Review this new draft document and submit your feedback in the comments section!
Does the World Bank search engine frustrate or amaze you? Have you spent hours searching our website for research, reports, or project information only to feel like you're going in circles? Wish you could share your great idea about improving the www.worldbank.org search engine or project information with the World Bank web team?
|View to Ulaanbaatar from a tourist camp on the slopes of Bogd Khan Uul|
Okay, so we changed our minds, but we did so for good reasons.
The Bangladesh Local Governance Support Project (LGSP) was initiated in 2005 when local leaders voiced their demand for discretionary funds among others to serve their constituencies at a meeting. Union Parishad (UP) is the lowest tier of rural local government has a history over 170 years and held regular elections, however, UPs never received direct funding.
Funds were previously allocated by line ministries at the Upazila (sub-district) level for certain activities; neither the local government (UP) nor local people had a say on their own development priorities. The UP act of 1983 designated 38 mandates on the UP, but made no fund provision for carrying out those mandates. The average population of an UP was about 35,000 and UPs are the closest service delivery institutes to citizens. In 1998, an UP amendment ensured direct election of women in three seats.
While the Minister of Local Government was supportive of the project, most of the national political leaders (ministers, members of parliament) and bureaucrats were against autonomous local governments. Nationwide consultations were organized between local leaders and communities, supported by civil society, for mobilizing a united voice of local needs and incorporating these in the project design. It was a challenging time with episodes of violence.
|David Manalo's organization wants to distribute unique floating generators to provide electricity to people in a remote part of the Philippines.|
We started distribution of the World Bank Annual Report 2009 this morning at the Annual Meetings in Istanbul. The free publication, outlining the Bank's activities in fiscal year 2008, is available for journalists, government officials, civil society organizations, academic and public libraries — and anyone else interested in learning more about the Bank and what it does.
The report summarizes the Bank Group’s commitments and approved projects during the recently completed fiscal year, and also includes a CD with complete financial information and a slideshow summarizing the regional, sectoral, and thematical categorization of funding.
I had a chance to work with the team that was preparing the Annual Report this year. Our goal was to put together a colorful and easy-to-read summary of the Bank’s development activities for everyone who is interested. Photos from the project sites and personal stories about recent Bank Group projects from all around the world are featured in this year’s report. All six of the Bank’s regions are presented with a regional snapshot as well as the summaries of funding operations taking place.
This year, the Annual Report 2009 website has been enhanced in terms of design, online content, and interactivity. The site includes interesting videos about recent projects taking place in the field. The PDF version of the Annual Report is downloadable in 8 different languages from the website. You can also view the whole ‘Year in Review’ with our interactive widget.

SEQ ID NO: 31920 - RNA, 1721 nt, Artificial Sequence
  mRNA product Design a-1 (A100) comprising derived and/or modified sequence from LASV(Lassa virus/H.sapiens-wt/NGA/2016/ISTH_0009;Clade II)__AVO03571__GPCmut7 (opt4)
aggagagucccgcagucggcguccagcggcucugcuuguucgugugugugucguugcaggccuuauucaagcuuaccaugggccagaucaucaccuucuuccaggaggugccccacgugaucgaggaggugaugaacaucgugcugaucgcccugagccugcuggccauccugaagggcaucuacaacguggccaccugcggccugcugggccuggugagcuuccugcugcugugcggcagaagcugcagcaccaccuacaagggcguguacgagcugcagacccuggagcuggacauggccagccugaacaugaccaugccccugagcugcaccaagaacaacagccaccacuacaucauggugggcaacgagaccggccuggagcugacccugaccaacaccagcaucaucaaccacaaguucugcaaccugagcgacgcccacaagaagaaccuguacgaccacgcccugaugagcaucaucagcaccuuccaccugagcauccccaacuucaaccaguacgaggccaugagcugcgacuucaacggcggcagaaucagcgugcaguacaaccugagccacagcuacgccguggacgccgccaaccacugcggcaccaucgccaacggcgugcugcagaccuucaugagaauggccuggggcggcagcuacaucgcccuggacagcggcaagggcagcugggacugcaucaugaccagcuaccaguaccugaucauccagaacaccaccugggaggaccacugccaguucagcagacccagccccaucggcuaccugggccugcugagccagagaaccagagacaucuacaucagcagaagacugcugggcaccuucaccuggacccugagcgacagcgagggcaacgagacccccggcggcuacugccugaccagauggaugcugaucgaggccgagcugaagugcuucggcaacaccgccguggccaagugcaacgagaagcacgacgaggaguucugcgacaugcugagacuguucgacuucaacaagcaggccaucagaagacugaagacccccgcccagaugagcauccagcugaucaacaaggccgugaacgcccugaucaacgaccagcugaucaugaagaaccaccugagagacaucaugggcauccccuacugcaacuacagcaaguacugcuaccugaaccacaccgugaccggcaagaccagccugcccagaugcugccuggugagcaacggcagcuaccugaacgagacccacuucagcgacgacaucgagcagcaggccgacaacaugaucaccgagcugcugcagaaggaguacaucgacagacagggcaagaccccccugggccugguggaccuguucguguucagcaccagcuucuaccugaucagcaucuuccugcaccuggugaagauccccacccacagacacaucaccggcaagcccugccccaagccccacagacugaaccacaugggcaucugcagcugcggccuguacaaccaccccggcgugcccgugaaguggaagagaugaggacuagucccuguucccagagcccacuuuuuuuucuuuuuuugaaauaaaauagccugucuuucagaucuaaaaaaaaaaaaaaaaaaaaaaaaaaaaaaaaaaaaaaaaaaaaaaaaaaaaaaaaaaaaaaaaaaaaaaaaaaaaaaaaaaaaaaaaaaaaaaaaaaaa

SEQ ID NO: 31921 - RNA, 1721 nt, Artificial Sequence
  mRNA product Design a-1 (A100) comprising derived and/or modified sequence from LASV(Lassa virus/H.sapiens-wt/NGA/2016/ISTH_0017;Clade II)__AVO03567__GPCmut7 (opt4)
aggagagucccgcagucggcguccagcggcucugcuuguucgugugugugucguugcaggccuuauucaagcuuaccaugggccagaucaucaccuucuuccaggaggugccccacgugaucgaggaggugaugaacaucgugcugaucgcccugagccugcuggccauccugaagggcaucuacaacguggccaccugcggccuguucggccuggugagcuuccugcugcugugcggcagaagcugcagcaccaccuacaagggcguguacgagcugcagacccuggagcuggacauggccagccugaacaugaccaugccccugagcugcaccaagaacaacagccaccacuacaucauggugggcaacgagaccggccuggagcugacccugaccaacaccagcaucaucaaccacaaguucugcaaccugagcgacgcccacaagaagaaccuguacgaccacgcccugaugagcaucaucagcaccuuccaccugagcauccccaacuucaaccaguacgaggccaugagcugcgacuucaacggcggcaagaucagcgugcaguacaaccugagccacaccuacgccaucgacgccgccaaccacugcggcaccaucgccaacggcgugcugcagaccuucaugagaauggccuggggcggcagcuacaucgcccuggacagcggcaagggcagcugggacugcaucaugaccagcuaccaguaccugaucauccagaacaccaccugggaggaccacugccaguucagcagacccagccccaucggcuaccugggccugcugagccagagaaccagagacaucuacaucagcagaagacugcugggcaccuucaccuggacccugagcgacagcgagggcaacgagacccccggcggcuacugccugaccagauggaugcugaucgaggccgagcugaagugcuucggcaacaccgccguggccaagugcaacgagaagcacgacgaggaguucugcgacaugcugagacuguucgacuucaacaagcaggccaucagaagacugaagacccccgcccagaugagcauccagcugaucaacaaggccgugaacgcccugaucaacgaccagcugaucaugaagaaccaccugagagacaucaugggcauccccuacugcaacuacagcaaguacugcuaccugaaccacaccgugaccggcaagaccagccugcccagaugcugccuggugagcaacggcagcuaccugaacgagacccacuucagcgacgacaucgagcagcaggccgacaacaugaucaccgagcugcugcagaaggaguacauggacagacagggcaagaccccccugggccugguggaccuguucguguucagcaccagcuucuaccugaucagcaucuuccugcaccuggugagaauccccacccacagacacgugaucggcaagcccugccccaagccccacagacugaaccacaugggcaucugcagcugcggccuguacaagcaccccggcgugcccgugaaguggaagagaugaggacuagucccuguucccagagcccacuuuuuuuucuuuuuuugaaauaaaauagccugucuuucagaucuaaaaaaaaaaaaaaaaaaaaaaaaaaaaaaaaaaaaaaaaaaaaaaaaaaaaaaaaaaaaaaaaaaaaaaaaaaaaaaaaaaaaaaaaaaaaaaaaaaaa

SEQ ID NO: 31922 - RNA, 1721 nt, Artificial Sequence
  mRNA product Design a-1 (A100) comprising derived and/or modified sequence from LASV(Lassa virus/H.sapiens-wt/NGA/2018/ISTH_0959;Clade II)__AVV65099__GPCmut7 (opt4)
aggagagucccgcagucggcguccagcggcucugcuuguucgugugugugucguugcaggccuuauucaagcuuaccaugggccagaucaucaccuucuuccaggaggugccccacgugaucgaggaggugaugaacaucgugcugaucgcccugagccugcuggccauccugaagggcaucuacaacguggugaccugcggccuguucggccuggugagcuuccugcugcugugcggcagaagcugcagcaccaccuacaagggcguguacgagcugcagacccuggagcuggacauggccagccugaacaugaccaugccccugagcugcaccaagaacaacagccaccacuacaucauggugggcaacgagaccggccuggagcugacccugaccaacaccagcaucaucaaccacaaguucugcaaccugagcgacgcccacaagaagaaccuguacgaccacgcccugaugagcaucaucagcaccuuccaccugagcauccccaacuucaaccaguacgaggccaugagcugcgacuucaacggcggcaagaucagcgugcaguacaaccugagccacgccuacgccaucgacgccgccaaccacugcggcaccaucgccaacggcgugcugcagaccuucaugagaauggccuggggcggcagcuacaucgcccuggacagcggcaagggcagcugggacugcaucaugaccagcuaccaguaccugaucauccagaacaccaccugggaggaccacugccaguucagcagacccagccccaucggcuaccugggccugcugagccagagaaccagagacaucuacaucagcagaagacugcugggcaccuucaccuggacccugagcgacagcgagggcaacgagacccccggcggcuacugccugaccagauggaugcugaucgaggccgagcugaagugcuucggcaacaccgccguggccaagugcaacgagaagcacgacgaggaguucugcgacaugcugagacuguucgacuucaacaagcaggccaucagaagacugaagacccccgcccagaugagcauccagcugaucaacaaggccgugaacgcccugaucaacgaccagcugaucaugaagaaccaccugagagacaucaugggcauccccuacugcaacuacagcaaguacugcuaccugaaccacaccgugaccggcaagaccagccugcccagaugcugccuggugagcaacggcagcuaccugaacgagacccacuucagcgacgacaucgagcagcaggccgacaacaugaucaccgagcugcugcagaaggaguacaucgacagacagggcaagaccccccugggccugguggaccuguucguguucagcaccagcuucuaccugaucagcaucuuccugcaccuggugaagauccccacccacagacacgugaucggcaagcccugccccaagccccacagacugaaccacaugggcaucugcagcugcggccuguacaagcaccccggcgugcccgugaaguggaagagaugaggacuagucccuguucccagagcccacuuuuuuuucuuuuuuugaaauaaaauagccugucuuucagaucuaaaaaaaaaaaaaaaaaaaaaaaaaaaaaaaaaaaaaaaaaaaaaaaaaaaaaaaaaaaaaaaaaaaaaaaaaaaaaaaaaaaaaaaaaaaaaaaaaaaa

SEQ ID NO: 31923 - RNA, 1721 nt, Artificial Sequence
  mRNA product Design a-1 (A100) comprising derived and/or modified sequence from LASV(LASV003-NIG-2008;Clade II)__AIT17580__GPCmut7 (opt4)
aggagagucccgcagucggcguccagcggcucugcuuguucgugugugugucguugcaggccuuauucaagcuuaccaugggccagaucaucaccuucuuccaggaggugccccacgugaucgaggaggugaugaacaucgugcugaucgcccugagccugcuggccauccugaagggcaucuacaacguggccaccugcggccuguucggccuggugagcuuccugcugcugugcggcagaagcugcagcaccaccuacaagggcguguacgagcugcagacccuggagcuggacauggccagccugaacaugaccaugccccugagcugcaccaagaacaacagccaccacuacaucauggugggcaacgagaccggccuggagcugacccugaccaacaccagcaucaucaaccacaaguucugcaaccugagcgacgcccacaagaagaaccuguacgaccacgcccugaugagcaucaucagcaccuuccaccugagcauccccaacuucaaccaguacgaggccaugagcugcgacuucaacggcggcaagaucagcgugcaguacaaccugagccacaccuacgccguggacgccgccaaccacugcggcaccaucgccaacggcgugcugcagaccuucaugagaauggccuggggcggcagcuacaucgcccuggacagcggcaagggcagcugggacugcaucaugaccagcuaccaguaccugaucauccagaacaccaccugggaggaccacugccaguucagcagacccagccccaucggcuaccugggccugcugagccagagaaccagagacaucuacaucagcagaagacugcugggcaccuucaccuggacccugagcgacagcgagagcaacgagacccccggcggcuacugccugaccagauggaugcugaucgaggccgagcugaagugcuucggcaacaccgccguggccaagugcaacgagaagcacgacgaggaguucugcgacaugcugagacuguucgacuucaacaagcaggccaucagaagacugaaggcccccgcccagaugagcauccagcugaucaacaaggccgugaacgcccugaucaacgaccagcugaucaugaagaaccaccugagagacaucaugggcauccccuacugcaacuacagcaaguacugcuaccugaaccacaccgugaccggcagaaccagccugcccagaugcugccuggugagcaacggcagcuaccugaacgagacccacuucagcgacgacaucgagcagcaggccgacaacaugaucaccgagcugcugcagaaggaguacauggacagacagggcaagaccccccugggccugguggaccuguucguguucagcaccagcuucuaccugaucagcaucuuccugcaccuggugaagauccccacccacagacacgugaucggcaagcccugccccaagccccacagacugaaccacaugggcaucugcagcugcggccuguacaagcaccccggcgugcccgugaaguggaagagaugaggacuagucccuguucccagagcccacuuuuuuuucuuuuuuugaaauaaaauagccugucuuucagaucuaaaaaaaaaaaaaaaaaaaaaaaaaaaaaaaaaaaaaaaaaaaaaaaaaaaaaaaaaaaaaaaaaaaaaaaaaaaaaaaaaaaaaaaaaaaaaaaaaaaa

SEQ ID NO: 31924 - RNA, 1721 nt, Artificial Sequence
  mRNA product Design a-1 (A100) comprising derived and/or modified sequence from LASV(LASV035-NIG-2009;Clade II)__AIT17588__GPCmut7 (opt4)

The World Bank’s South-South exchange is big on talk-talk.
But that is the whole point, and the South-South exchange has been so popular that the program is expanding.
The idea behind South-South is to get developing countries to share their knowledge and ideas about projects. The projects range from water power in Tajikistan, to keeping boys out of trouble in the Caribbean, to harnessing Indian expertise to train eight African countries how to offer IT services.
South-South has only been in existence for one year, but the World Bank Group’s Ngozi Okonjo Iweala says it has already funded 35 grants — and, she says, there’s “a great deal of excitement” surrounding the program.
South-South relies on peer relationships, and Okonjo Iweala says it is clear that the group that makes up the World Bank’s initiative have much to share with each other.
|The Superbotrechus Bennetti beetle was discovered during a survey of cave biodiversity in China.|
Editor’s note: Photo blogger Erdene-Ochir Badarch works on rural and environmental issues for the World Bank in Mongolia. Earlier this summer, he and a team of 17 people spent 160 hours traveling 2,300 kilometers through Mongolia’s forests, mountains and steppe to visit sites and people receiving support from the second Sustainable Livelihoods Project. The project is part of a three-phase 12-year program, which works to enhance secure and sustain livelihoods in communities throughout Mongolia by providing support in rural areas for improved health and education facilities, pasture management and access to financial services. Erdene took the pictures (seen below) at the Zavhan and Bayanhongor aimags (provinces). Read more about the Mongolian Sustainable Livelihoods Project II project here. (Hover your mouse over "Notes" for photo information.)
Get the flash player here: http://www.adobe.com/flashplayer
|Better materials and student participation characterize the READ schools project. (photo by Prateek Tandon)|